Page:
By Jillian McGehee, Editor
Arkansas’s second and newest medical school, at the tender age of one, offers something other medical schools in America do not – an unprecedented focus on teaching the technologies and relationship techniques distinctive to the world of telemedicine.
The New York Institute of Technology College of Osteopathic Medicine (NYITCOM) at Arkansas State University in Jonesboro (Arkansas’s new osteopathic med school housed at ASU) just completed its first year of operation. Important to its mission is preparing future physicians who are ready to comfortably work within the newest patient contact technologies born of the digital age, says the school’s dean, Dr. Shane Speights.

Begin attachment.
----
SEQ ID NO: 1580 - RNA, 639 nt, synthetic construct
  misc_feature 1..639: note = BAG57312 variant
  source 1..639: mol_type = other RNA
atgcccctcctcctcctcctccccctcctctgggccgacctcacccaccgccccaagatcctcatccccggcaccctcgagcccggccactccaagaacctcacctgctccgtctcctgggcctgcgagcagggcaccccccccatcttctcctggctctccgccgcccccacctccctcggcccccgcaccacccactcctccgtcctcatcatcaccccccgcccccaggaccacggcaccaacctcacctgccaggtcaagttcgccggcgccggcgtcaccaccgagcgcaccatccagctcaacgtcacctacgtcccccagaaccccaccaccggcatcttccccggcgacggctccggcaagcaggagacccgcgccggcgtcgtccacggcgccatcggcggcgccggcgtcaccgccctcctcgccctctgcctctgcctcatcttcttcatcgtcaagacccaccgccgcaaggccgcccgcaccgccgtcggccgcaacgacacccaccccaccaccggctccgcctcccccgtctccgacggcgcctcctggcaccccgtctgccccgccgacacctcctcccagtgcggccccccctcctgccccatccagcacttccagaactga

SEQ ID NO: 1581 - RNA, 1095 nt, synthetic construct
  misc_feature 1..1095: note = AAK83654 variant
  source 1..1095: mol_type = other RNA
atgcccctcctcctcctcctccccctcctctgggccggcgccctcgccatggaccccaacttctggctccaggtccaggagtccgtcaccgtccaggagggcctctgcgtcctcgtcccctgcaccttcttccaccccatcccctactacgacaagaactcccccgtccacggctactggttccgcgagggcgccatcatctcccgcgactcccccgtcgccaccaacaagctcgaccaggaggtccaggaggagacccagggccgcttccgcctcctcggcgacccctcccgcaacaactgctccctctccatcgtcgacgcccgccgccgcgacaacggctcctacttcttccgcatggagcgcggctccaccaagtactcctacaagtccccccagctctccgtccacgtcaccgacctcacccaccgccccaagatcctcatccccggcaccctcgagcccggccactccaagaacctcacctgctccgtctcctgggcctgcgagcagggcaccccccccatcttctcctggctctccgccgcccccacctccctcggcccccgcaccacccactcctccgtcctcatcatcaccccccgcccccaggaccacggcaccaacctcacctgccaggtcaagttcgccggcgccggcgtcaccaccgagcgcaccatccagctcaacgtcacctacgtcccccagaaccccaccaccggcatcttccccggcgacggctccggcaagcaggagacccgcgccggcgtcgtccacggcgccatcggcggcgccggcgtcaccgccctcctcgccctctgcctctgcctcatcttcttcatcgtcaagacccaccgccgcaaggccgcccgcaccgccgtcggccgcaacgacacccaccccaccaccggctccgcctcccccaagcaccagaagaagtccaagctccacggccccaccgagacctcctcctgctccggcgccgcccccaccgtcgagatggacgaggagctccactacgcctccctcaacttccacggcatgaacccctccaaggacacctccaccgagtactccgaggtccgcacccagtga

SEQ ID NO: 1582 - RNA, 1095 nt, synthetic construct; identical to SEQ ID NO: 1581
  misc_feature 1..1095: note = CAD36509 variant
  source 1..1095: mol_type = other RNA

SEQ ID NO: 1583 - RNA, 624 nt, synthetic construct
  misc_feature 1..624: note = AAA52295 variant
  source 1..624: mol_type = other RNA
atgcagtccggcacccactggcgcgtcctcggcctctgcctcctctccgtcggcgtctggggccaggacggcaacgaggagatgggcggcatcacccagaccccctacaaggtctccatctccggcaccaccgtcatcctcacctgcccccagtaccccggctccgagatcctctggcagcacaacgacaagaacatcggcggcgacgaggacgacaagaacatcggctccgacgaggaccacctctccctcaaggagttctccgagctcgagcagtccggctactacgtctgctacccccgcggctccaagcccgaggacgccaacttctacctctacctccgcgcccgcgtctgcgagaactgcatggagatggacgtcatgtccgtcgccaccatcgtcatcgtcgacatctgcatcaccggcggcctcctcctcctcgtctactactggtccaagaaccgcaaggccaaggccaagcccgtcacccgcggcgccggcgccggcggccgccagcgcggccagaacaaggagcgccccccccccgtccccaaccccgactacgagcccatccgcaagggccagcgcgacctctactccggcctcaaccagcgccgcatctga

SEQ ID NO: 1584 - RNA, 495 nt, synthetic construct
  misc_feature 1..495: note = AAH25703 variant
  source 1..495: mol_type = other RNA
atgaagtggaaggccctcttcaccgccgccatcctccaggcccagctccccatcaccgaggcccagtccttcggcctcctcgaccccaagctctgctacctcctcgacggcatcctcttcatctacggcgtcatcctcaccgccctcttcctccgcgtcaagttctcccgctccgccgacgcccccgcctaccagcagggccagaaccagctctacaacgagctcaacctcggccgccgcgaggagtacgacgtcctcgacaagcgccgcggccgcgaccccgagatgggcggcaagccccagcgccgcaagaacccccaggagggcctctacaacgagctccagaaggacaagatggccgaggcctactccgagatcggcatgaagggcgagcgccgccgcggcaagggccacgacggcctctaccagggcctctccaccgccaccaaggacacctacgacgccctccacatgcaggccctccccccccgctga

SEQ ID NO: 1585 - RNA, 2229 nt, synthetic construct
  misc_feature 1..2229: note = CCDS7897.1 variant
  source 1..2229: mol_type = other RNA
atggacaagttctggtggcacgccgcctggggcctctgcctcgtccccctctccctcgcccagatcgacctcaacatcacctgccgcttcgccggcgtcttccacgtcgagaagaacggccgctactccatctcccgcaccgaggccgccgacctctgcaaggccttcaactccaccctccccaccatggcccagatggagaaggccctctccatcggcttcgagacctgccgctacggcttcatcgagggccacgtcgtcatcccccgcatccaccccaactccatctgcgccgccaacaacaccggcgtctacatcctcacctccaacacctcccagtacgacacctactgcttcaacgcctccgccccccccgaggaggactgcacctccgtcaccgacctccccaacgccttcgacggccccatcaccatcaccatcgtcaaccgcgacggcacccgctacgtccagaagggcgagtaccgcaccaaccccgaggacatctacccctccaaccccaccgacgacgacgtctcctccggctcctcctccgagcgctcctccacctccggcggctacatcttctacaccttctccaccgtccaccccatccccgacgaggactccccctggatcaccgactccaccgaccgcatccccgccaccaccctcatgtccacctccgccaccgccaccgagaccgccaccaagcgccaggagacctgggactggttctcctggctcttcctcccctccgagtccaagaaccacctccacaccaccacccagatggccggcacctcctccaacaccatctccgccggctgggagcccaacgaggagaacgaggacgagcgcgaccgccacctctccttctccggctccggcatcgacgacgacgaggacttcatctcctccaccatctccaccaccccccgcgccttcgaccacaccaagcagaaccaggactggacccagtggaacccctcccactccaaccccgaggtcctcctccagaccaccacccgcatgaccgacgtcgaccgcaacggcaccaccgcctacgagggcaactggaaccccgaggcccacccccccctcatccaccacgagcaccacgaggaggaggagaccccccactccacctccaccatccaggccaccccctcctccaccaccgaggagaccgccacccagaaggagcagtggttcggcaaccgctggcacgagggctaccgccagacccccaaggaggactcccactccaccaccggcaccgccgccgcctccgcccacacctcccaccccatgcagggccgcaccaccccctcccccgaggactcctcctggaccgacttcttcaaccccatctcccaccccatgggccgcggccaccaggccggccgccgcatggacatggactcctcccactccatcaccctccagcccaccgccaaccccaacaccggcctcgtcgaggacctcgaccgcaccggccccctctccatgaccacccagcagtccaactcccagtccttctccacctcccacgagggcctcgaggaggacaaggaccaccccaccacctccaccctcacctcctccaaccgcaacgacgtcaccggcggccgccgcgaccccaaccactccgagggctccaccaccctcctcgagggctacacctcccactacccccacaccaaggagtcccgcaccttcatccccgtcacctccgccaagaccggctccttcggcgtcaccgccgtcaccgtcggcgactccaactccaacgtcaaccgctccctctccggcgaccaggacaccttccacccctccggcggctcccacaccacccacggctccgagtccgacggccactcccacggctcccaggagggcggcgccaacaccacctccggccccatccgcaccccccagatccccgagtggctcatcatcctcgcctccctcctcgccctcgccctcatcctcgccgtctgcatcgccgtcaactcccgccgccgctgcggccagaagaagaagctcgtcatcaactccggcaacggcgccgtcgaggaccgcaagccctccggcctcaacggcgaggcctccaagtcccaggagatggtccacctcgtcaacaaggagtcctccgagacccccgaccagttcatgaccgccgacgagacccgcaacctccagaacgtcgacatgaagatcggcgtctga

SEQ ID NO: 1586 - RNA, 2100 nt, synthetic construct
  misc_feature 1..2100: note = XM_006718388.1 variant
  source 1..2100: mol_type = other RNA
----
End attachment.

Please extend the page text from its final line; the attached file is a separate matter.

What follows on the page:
Osteopathic physicians, who are fully licensed and practice in every medical specialty, offer a unique approach to patient care by looking at the whole person. They reach diagnoses through a holistic approach not based solely on a patient’s presenting symptoms.
ASU’s osteopathic medical school opened its doors in August 2016; its parent, NYITCOM, was established in 1977. Leaders at the institute early on put in place a strong medical curriculum designed to produce excellent physicians and researchers, Speights said.
“But you also have to prepare physicians who are ready to work within the technologies and patient care methods evolving today,” he says. Speights leads faculty and students in academic co-curricular activities including telemedicine and engaging in community outreach with hospitals and physicians in Jonesboro and the greater Delta region.